- A full preview of the Forth Worth Invitational at Colonial Country Club, including tee times, odds and picks.
It's time for the second leg of the Texas two-step—the Forth Worth Invitational.
After Aaron Wise achieved the inevitable by securing his first career PGA Tour win at last week's AT&T Byron Nelson in Dallas, the Tour heads across town to Fort Worth for this week's event. The event has had five different names (and sponsors) since 2002—MasterCard Colonial, Bank of America Colonial, Crowne Plaza Invitational, Dean & DeLuca Invitational and now just the Fort Worth Invitational—but the tournament has long been more commonly associated with the golf course it's played on: Colonial Country Club.
Colonial is one of the Tour's iconic venues—more on that later—and is one of the players favorites, checking in at No. 5 on Golf Digest's countdown of PGA Tour pros' favorite courses on the circuit. You'll hear it referred to as Hogan's Alley this week, an ode to Ben Hogan, who won the tournament a record five times.
This year, a solid field descends upon the classic layout looking to fine-tune their games as the lead-up to the U.S. Open, which is somehow just three weeks away, gets underway. Here's everything you need to know about a tournament that dates back to 1946.
The golf course
Colonial Country Club, which opened all the way back in 1936, is a private club designed by John Bredemus and Perry Maxwell. Just five years after its opening, the course hosted the 1941 U.S. Open (won by Craig Wood) and began hosting what is now the Fort Worth Invitaitonal in 1946. It has also hosted the Tournament Players Championship (precursor to the Players Championship) in 1975 and the 1991 U.S. Women's Open.
As currently laid out, the course measures 7,209 yards and plays to a par 70. It's a classic parkland design—treelined fairways, holes that laid out right in front you, water hazards, minimal bells and whistles—and features bermuda grass and bentgrass greens. Players appreciate its relatively straightforward style, as do the experts who rate these tracks, as Colonial is No. 92 on Golf.com's most recent list of the top 100 golf courses in America. It also has one of the cooler, most un-clubhouse looking clubhouses you'll see on a golf course. Feast your eyes on this red-bricked, white-columned masterpiece:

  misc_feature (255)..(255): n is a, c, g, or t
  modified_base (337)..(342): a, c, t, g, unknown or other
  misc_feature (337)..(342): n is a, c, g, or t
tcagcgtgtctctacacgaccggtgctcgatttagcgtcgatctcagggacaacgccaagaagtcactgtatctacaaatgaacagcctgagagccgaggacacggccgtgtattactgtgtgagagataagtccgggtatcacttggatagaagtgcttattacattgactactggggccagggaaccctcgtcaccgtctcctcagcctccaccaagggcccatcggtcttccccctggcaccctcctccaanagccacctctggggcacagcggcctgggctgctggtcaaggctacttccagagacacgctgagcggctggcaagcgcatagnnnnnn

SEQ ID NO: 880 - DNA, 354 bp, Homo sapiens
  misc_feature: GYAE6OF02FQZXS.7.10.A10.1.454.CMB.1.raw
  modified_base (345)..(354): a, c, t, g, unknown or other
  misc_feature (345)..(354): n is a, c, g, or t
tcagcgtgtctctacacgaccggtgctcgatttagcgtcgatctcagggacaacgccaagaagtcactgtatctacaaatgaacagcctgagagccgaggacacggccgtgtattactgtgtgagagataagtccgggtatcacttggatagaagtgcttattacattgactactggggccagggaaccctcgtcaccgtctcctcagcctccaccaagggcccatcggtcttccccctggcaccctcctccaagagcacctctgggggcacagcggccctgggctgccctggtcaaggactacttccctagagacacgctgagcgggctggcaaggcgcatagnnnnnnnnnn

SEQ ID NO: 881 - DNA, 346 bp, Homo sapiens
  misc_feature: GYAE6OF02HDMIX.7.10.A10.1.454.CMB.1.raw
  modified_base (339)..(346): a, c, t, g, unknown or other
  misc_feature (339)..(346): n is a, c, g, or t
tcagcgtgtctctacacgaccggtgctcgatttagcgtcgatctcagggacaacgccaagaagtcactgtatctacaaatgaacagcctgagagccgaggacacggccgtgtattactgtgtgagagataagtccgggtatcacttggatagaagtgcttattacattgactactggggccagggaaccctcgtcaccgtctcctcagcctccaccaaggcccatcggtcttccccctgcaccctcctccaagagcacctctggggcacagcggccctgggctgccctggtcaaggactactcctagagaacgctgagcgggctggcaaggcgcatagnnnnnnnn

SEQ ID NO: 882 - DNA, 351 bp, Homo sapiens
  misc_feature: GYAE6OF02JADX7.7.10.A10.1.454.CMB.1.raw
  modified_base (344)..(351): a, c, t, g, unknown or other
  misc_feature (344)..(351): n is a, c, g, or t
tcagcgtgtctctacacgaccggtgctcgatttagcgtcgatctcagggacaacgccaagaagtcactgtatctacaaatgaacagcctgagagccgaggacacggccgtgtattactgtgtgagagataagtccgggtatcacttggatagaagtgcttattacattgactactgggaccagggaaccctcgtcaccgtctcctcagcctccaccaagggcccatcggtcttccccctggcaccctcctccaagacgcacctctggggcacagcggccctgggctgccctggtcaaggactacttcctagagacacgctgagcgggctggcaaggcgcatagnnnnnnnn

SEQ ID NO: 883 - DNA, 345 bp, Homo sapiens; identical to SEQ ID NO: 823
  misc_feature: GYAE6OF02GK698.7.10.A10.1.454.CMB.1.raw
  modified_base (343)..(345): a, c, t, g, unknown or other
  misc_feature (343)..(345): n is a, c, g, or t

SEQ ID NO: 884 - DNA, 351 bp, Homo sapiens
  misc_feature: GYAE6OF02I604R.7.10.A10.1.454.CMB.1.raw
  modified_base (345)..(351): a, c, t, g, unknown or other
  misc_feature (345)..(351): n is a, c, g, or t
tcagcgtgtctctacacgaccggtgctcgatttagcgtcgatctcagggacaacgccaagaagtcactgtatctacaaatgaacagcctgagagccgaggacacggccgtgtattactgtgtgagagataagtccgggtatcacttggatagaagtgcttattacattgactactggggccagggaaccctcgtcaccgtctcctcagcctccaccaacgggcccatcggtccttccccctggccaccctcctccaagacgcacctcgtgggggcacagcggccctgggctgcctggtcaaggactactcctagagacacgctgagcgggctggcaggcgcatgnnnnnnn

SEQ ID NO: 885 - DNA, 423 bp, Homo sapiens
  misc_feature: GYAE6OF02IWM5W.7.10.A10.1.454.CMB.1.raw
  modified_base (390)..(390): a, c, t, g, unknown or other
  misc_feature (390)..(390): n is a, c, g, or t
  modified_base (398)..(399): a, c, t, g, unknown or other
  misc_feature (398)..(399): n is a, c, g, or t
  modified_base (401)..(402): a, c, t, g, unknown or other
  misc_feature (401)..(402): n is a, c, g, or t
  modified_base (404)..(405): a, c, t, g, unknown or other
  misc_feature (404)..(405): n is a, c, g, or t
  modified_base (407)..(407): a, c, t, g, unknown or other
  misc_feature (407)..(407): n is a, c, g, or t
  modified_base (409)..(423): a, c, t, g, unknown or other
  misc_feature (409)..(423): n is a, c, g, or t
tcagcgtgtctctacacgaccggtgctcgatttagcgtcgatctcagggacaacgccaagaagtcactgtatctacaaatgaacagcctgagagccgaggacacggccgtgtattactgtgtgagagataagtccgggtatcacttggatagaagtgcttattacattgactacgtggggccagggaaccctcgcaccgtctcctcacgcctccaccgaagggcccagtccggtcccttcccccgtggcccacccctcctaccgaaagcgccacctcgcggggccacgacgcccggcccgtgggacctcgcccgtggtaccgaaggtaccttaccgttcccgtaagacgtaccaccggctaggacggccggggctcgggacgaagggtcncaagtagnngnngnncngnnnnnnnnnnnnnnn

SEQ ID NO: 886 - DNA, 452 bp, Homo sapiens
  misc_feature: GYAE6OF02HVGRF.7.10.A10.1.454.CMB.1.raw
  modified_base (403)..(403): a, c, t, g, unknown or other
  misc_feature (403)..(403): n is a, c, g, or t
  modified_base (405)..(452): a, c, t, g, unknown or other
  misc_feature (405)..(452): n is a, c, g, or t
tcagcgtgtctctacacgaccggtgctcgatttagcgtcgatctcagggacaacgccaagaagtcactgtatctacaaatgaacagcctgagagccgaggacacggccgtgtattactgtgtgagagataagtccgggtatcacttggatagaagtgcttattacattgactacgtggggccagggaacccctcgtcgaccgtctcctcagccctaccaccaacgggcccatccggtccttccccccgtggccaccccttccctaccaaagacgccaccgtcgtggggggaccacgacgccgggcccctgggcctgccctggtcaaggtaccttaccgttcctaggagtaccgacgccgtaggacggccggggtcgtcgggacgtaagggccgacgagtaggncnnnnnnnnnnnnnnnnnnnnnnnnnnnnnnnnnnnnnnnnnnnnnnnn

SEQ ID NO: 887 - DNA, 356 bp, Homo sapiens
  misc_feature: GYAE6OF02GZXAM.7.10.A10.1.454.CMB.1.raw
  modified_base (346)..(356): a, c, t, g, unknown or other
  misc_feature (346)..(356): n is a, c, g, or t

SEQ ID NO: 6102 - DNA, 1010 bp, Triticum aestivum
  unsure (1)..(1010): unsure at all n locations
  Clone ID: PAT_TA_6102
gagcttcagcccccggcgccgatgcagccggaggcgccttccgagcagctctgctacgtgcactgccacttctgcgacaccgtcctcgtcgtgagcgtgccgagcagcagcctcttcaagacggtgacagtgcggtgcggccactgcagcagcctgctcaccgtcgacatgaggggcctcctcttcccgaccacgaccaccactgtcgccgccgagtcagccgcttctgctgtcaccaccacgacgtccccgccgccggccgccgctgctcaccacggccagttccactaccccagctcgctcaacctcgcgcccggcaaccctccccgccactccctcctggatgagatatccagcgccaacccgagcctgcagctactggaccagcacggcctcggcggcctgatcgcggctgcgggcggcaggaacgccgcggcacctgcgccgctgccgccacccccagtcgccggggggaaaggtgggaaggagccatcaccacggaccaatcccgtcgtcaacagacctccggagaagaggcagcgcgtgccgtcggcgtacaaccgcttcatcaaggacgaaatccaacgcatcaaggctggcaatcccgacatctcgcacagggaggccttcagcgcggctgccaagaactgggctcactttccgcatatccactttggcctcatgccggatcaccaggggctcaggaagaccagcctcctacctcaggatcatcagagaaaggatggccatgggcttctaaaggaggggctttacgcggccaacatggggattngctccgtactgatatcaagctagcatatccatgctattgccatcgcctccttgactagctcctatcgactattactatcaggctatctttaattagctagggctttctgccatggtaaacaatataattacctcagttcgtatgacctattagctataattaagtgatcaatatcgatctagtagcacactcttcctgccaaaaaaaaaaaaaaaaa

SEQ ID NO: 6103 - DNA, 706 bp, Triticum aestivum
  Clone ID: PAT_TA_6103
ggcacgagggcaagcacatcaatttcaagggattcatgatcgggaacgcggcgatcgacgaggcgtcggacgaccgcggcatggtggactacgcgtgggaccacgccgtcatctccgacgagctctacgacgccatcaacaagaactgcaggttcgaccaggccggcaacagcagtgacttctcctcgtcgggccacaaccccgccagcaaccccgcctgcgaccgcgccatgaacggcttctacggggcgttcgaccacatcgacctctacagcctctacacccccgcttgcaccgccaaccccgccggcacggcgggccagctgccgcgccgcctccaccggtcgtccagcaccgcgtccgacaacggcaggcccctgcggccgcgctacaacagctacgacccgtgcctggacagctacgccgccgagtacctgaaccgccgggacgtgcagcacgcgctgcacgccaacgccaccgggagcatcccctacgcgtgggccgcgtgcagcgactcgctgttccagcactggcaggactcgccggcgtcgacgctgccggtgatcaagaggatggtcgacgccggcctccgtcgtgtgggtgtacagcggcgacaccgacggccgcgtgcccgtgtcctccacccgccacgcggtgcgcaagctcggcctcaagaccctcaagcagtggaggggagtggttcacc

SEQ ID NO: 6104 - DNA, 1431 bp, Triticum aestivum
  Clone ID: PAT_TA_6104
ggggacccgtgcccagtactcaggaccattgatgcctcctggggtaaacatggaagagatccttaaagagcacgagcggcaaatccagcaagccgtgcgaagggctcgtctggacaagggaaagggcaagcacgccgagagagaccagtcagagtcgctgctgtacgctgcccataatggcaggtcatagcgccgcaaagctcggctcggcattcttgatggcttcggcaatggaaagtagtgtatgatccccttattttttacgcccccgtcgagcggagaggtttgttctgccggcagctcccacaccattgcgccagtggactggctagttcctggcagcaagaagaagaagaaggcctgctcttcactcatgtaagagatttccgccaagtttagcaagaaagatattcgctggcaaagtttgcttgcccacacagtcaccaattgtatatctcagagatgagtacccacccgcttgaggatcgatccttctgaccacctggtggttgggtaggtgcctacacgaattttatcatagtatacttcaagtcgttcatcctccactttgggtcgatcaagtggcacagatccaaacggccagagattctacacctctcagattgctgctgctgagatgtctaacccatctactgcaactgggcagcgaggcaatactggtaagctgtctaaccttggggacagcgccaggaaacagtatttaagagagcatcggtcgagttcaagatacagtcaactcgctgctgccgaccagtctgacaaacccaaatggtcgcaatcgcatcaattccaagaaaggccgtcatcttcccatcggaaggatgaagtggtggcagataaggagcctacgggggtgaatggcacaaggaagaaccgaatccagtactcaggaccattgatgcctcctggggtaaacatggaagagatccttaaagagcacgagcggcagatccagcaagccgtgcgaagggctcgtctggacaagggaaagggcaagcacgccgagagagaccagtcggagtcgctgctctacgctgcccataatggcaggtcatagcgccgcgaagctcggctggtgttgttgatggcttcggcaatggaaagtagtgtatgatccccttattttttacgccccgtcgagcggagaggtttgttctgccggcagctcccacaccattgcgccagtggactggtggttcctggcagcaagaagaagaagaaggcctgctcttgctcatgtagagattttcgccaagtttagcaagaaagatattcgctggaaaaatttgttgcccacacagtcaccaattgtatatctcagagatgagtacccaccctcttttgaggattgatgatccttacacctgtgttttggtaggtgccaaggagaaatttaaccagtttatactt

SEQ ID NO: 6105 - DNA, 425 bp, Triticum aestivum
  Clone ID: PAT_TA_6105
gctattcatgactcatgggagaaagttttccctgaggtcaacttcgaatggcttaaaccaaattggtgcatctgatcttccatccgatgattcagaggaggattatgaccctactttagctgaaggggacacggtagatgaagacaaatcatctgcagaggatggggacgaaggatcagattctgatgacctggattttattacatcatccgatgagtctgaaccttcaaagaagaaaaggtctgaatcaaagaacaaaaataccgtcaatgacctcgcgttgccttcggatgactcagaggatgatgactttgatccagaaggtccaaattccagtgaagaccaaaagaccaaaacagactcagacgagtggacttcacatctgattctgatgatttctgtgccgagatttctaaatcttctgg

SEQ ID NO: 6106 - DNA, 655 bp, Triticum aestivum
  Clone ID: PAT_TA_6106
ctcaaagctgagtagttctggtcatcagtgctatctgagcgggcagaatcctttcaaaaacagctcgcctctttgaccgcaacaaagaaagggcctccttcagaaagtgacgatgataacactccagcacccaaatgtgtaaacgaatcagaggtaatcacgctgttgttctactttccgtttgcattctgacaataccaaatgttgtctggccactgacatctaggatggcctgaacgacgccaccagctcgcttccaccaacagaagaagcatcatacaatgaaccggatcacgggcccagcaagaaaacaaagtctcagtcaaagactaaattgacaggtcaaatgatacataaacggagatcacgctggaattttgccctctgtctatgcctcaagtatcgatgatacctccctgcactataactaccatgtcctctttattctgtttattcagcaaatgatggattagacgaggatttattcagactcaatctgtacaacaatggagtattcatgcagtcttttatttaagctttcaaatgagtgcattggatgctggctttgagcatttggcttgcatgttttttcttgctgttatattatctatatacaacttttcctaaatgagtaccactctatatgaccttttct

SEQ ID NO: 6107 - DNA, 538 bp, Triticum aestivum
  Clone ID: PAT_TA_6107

A number of courses feature a stretch so difficult, or so memorable, it earns a nickname. These holes usually come toward the end of the course—PGA National's Bear Trap, Innisbrook's Snake Pit, Quail Hollow's Green Mile—but Colonial's three-hole gauntlet comes at you fast. Holes 3-5 are known as the "Horrible Horseshoe," and it's not because they aren't good holes. In fact, the 5th, a narrow, tree-lined 484-yard par 4, is one of the best holes on the PGA Tour. They're just very difficult golf holes. Hence, the name.
Notably, there are only two par 5s in play this week, and one of those is a 635-yard behemoth that won't be reachable in two for the majority of the field.
After last week's subpar field, a number of the bigger names will be teeing it up this week, as will a bunch of guys the 20-40 range of the world rankings. Four of the top-10 in the world—Jordan Spieth, Jon Rahm, Justin Rose and Rickie Fowler—will compete, as will three of the top 10 in the FedEx Cup standings (Patton Kizzire, Jon Rahm and Webb Simpson, who is making his first start since his Players romp). Kevin Kisner will return to defend his title, and Aaron Wise is back at it after last week's triumph at Trinity Forest.